A transition away from the use of fuelwood and charcoal for cooking can prevent hundreds of thousands of premature deaths caused by household air pollution.

With the adoption of the UN Sustainable Development Goals, the global community has committed to achieving universal electricity access by 2030. This study analyses the technology and investment requirements for achieving this target in Sub-Saharan Africa.

As part of the Copenhagen Accord, Annex I Parties (industrialised countries) and non-Annex I Parties (developing countries) have submitted reduction proposals (pledges) and mitigation actions to the UNFCCC secretariat. Our calculations show that if the current reduction offers of Annex I and non-Annex I countries are fully implemented, global greenhouse gas emissions could amount to 48.6–49.7 GtCO2eq by 2020. Recent literature suggests that the emission level should be between 42 and 46 GtCO2eq by 2020 to maintain a “medium” chance (50–66%) of meeting the 2 °C target.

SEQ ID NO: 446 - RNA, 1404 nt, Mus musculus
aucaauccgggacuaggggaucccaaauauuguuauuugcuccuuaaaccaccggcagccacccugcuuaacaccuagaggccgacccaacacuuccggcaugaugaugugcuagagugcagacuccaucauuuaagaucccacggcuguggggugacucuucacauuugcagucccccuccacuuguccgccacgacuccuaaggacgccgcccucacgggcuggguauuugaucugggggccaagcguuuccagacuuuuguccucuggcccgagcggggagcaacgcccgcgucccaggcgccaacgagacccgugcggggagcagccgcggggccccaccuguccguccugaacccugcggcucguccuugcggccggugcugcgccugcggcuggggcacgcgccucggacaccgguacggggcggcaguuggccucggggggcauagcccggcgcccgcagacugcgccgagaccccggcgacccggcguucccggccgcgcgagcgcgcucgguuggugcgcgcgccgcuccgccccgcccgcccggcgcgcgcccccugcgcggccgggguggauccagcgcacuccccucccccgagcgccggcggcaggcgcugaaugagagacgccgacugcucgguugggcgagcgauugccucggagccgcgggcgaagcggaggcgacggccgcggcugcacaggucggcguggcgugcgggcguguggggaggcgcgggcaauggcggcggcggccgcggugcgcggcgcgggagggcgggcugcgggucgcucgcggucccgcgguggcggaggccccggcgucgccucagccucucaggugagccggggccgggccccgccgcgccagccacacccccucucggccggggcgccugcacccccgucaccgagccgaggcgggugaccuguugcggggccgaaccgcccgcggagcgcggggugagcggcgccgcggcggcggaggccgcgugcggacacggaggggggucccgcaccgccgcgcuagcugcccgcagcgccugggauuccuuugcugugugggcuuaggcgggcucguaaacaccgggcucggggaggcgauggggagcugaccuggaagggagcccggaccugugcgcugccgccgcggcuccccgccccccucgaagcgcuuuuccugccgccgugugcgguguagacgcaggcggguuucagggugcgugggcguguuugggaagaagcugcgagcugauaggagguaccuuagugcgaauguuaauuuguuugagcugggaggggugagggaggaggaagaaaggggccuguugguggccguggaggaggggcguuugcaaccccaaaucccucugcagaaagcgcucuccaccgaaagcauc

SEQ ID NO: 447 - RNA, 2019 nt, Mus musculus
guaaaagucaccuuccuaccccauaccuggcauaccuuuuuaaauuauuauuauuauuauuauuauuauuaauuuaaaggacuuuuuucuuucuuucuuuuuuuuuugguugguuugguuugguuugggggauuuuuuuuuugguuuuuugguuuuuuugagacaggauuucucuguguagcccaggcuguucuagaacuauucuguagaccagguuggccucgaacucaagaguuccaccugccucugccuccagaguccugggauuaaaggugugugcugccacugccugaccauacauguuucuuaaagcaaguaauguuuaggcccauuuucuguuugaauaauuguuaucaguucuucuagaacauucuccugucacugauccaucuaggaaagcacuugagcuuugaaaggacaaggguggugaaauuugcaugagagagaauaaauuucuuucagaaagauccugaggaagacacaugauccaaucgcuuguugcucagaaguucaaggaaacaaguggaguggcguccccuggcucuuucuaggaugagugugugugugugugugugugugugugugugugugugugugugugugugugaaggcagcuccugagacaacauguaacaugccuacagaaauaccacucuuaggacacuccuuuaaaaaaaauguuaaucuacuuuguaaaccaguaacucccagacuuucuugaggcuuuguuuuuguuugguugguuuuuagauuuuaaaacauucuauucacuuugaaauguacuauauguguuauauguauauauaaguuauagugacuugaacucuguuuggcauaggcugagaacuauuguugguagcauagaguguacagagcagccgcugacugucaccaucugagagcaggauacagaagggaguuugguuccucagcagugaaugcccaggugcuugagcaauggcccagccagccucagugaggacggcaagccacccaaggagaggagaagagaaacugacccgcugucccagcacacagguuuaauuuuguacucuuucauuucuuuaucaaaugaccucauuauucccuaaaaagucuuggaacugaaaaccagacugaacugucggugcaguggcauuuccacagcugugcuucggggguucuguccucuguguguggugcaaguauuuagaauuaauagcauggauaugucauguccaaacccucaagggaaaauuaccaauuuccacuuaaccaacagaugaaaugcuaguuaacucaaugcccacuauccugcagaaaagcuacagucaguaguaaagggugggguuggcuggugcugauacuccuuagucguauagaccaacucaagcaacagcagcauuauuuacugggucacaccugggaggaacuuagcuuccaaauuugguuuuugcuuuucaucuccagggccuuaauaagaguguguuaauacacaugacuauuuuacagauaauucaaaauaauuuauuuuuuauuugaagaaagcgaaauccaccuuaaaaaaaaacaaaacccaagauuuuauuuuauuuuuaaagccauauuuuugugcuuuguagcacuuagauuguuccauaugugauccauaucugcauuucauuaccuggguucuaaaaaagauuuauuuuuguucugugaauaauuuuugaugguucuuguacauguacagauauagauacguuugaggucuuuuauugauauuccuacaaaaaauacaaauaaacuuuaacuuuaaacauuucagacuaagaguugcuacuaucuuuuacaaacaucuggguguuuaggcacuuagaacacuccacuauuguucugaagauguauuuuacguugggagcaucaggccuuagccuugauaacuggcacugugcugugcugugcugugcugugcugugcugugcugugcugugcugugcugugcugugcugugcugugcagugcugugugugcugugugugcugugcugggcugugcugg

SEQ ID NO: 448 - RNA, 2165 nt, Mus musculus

As part of the Copenhagen Accord, individual countries have submitted greenhouse gas reduction proposals for the year 2020. This paper analyses the implications for emission reductions, the carbon price, and abatement costs of these submissions. The submissions of the Annex I (industrialised) countries are estimated to lead to a total reduction target of 12–18% below 1990 levels. The submissions of the seven major emerging economies are estimated to lead to an 11–14% reduction below baseline emissions, depending on international (financial) support.

Many studies have been published to evaluate the consequences of different post-2012 emission allocation regimes on regional mitigation costs. This paper goes one step further and evaluates not only mitigation costs, but also adaptation costs and climate change damages.